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In this essay I will be looking at symbolism and rituals. Shabbat is a day to relax and not do any work.

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Select, describe and explain the religious ritual involved in Shabbat. In this essay I will be looking at symbolism and rituals. Shabbat is a day to relax and not do any work. Jews finish work about 2-3pm and go home to prepare for Shabbat. All of the family have a bath to (purify them self's), clean the house from top to bottom (purify the house), dress in their best clothes (to make it special for them), set the best dishes and table ware (make it special), prepare a delicious feast, set timers for lights and oven (because switching on a light and starting an oven is counted as wok so isn't allowed) and prepare some things around the house e.g.: take the bulb out of the refrigerator (so it does not turn on when you open the door). ...read more.


During the service there are readings from the scrolls of the Torah in Hebrew. After the service but before the meal, the man of the house recites Kiddush (a prayer); the man says the prayer over the wine (he would pass it around the family) sanctifying Shabbat. The usual prayer for eating bread is recited over two loaves of challah. Challah is a type of bread, sweet, eggy and shaped in a braid. This is dipped in salt then pasted around the family as well. As the meal needs to be made be for sunset it's usually stewed or slowly cooked items. Next morning a services begins around 9am goes on till about noon. After the repeats Kiddush again and has another meal. By the time Birkat ha-mazon it's about 2pm. The family studies the torah, talks, walk or play a game, it doesn't matter if they do it as a family or alone, a nap isn't uncommon. ...read more.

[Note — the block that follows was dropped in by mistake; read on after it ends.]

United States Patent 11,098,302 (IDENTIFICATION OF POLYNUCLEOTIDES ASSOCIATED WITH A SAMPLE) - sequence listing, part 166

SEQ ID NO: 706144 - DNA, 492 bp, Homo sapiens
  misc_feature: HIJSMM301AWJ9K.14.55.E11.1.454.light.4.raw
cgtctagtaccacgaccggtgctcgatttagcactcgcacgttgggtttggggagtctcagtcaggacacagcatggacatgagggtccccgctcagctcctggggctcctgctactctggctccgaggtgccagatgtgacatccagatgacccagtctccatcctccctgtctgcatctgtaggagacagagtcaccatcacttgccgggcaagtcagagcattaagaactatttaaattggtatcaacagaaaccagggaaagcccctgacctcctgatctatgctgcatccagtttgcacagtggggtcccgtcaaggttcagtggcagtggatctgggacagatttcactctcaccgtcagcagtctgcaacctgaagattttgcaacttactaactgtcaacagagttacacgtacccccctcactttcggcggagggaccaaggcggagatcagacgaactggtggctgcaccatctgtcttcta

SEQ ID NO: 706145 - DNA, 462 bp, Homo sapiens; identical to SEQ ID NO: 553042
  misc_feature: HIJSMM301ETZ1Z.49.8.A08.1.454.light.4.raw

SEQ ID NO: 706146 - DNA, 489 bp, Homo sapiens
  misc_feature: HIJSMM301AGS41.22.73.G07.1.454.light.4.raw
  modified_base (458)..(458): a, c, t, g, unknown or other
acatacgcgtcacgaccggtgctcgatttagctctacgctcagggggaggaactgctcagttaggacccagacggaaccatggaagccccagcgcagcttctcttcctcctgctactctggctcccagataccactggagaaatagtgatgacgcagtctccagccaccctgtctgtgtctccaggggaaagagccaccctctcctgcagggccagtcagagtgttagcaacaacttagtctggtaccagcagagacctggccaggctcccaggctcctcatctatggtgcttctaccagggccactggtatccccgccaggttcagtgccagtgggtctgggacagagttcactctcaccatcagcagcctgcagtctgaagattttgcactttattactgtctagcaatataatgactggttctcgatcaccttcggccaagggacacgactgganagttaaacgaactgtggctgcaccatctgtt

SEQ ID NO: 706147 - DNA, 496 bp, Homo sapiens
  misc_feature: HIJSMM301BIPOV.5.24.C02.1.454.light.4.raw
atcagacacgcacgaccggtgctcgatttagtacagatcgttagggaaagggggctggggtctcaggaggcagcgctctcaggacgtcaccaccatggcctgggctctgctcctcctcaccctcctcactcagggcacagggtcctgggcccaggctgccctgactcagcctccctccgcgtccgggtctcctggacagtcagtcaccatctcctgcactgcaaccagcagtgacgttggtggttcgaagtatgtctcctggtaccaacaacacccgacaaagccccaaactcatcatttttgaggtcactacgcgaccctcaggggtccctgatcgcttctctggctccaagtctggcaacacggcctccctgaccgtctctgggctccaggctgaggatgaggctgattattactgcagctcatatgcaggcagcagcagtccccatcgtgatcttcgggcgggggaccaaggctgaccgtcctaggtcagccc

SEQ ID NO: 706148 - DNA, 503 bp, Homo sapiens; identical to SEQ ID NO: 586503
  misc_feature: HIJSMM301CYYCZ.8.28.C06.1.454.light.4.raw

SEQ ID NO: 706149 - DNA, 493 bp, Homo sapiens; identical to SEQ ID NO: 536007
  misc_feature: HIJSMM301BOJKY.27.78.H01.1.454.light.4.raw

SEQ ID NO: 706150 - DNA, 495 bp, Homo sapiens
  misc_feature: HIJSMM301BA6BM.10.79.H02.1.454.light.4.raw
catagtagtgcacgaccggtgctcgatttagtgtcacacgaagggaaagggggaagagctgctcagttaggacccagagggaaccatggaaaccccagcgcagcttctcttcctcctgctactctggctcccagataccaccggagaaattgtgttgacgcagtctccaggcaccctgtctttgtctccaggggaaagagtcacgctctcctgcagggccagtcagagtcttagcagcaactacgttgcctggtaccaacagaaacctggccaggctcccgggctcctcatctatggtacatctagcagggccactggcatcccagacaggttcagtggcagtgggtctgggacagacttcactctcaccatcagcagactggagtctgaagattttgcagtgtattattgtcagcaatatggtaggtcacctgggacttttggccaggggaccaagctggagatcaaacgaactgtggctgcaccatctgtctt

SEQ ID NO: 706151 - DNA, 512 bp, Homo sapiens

The candles were lit approximately eighteen minuets before sunset. You cannot light candles once Sabbath has begun. The Jewish calendar lists the correct times to light the candles each week including holidays. At least 2 candles have to be lit representing the mitzvoth of zachor and Shamor. Maaariv; the evening prayer service follows Kabbalad Shabbat followed by the silent prayer Amidah which is repeated by the leader. The davening has six introductory psalms (1 for each other day of the week and the motifs of king and queenship). In conclusion Shabbat is a special to Jews because it's a day of rest. It is welcomed as a gift from god. Shabbat is observed both in the home and in the synagogue, on your own of with family and friends. The prominence is given to women and children when Shabbat is celebrated at home. Family life is very important to Jews as well as celebrations, rules and beliefs in their religion. By Paula Wilkes 10JW R.E ...read more.

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